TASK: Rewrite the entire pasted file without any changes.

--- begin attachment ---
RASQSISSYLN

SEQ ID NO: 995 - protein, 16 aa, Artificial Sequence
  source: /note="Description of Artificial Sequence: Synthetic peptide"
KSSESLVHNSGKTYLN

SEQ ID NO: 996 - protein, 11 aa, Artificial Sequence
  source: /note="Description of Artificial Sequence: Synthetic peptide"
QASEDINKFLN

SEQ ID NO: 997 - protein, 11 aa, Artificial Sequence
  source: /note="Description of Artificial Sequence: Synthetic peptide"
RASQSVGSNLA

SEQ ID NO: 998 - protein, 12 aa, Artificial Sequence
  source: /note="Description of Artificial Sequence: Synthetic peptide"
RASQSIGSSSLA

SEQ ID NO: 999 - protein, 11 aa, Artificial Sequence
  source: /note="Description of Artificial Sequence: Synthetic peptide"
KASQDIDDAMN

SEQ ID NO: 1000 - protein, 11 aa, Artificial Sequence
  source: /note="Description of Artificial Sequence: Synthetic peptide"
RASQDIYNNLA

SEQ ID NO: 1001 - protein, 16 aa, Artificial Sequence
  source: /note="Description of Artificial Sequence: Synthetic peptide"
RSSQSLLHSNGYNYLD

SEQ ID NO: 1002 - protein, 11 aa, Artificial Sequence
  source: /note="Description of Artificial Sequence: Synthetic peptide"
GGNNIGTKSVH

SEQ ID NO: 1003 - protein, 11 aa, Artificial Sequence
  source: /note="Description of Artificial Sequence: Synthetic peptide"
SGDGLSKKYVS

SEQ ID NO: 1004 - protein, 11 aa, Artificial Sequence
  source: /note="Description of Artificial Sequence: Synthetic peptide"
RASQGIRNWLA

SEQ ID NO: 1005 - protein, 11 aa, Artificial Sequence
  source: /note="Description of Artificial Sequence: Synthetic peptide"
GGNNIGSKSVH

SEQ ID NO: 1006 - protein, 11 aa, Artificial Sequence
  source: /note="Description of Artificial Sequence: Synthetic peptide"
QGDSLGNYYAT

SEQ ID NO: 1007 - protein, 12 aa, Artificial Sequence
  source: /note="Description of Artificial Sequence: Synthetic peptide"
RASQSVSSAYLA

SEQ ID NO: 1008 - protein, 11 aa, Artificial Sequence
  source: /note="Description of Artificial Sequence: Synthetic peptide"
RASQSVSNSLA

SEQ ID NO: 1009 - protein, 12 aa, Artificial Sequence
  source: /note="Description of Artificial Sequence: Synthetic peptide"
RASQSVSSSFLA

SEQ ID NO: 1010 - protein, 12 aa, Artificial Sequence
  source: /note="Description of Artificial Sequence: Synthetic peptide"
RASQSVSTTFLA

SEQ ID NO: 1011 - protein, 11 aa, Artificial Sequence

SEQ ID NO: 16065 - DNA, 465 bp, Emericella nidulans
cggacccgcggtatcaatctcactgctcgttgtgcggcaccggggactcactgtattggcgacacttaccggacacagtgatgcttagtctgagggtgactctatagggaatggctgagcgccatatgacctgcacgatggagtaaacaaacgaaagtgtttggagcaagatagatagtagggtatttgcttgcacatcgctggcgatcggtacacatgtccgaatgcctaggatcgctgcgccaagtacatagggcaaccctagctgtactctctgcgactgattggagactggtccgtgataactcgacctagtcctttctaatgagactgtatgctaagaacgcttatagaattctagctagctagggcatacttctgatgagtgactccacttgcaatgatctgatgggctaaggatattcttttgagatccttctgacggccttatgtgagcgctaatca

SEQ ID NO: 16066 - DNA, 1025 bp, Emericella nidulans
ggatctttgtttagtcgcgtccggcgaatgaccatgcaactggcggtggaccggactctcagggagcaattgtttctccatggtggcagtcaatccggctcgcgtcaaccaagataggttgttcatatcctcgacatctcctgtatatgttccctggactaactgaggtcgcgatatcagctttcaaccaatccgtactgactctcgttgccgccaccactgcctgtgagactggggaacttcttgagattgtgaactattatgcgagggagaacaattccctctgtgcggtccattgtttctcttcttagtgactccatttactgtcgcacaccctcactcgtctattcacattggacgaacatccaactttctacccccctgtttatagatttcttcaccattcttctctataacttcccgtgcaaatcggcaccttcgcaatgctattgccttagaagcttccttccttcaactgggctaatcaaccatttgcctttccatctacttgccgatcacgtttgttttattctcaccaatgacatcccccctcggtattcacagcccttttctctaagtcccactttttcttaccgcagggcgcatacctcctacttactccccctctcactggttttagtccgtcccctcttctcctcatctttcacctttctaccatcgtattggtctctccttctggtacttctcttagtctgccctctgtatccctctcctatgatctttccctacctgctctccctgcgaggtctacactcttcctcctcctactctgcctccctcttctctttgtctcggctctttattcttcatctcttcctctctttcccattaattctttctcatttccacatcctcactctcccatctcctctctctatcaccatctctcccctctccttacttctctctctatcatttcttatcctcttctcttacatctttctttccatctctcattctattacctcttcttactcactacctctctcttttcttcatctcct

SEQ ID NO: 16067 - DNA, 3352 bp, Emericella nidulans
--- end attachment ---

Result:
RASQSISSYLN

SEQ ID NO: 995 - protein, 16 aa, Artificial Sequence
  source: /note="Description of Artificial Sequence: Synthetic peptide"
KSSESLVHNSGKTYLN

SEQ ID NO: 996 - protein, 11 aa, Artificial Sequence
  source: /note="Description of Artificial Sequence: Synthetic peptide"
QASEDINKFLN

SEQ ID NO: 997 - protein, 11 aa, Artificial Sequence
  source: /note="Description of Artificial Sequence: Synthetic peptide"
RASQSVGSNLA

SEQ ID NO: 998 - protein, 12 aa, Artificial Sequence
  source: /note="Description of Artificial Sequence: Synthetic peptide"
RASQSIGSSSLA

SEQ ID NO: 999 - protein, 11 aa, Artificial Sequence
  source: /note="Description of Artificial Sequence: Synthetic peptide"
KASQDIDDAMN

SEQ ID NO: 1000 - protein, 11 aa, Artificial Sequence
  source: /note="Description of Artificial Sequence: Synthetic peptide"
RASQDIYNNLA

SEQ ID NO: 1001 - protein, 16 aa, Artificial Sequence
  source: /note="Description of Artificial Sequence: Synthetic peptide"
RSSQSLLHSNGYNYLD

SEQ ID NO: 1002 - protein, 11 aa, Artificial Sequence
  source: /note="Description of Artificial Sequence: Synthetic peptide"
GGNNIGTKSVH

SEQ ID NO: 1003 - protein, 11 aa, Artificial Sequence
  source: /note="Description of Artificial Sequence: Synthetic peptide"
SGDGLSKKYVS

SEQ ID NO: 1004 - protein, 11 aa, Artificial Sequence
  source: /note="Description of Artificial Sequence: Synthetic peptide"
RASQGIRNWLA

SEQ ID NO: 1005 - protein, 11 aa, Artificial Sequence
  source: /note="Description of Artificial Sequence: Synthetic peptide"
GGNNIGSKSVH

SEQ ID NO: 1006 - protein, 11 aa, Artificial Sequence
  source: /note="Description of Artificial Sequence: Synthetic peptide"
QGDSLGNYYAT

SEQ ID NO: 1007 - protein, 12 aa, Artificial Sequence
  source: /note="Description of Artificial Sequence: Synthetic peptide"
RASQSVSSAYLA

SEQ ID NO: 1008 - protein, 11 aa, Artificial Sequence
  source: /note="Description of Artificial Sequence: Synthetic peptide"
RASQSVSNSLA

SEQ ID NO: 1009 - protein, 12 aa, Artificial Sequence
  source: /note="Description of Artificial Sequence: Synthetic peptide"
RASQSVSSSFLA

SEQ ID NO: 1010 - protein, 12 aa, Artificial Sequence
  source: /note="Description of Artificial Sequence: Synthetic peptide"
RASQSVSTTFLA

SEQ ID NO: 1011 - protein, 11 aa, Artificial Sequence

SEQ ID NO: 16065 - DNA, 465 bp, Emericella nidulans
cggacccgcggtatcaatctcactgctcgttgtgcggcaccggggactcactgtattggcgacacttaccggacacagtgatgcttagtctgagggtgactctatagggaatggctgagcgccatatgacctgcacgatggagtaaacaaacgaaagtgtttggagcaagatagatagtagggtatttgcttgcacatcgctggcgatcggtacacatgtccgaatgcctaggatcgctgcgccaagtacatagggcaaccctagctgtactctctgcgactgattggagactggtccgtgataactcgacctagtcctttctaatgagactgtatgctaagaacgcttatagaattctagctagctagggcatacttctgatgagtgactccacttgcaatgatctgatgggctaaggatattcttttgagatccttctgacggccttatgtgagcgctaatca

SEQ ID NO: 16066 - DNA, 1025 bp, Emericella nidulans
ggatctttgtttagtcgcgtccggcgaatgaccatgcaactggcggtggaccggactctcagggagcaattgtttctccatggtggcagtcaatccggctcgcgtcaaccaagataggttgttcatatcctcgacatctcctgtatatgttccctggactaactgaggtcgcgatatcagctttcaaccaatccgtactgactctcgttgccgccaccactgcctgtgagactggggaacttcttgagattgtgaactattatgcgagggagaacaattccctctgtgcggtccattgtttctcttcttagtgactccatttactgtcgcacaccctcactcgtctattcacattggacgaacatccaactttctacccccctgtttatagatttcttcaccattcttctctataacttcccgtgcaaatcggcaccttcgcaatgctattgccttagaagcttccttccttcaactgggctaatcaaccatttgcctttccatctacttgccgatcacgtttgttttattctcaccaatgacatcccccctcggtattcacagcccttttctctaagtcccactttttcttaccgcagggcgcatacctcctacttactccccctctcactggttttagtccgtcccctcttctcctcatctttcacctttctaccatcgtattggtctctccttctggtacttctcttagtctgccctctgtatccctctcctatgatctttccctacctgctctccctgcgaggtctacactcttcctcctcctactctgcctccctcttctctttgtctcggctctttattcttcatctcttcctctctttcccattaattctttctcatttccacatcctcactctcccatctcctctctctatcaccatctctcccctctccttacttctctctctatcatttcttatcctcttctcttacatctttctttccatctctcattctattacctcttcttactcactacctctctcttttcttcatctcct

SEQ ID NO: 16067 - DNA, 3352 bp, Emericella nidulans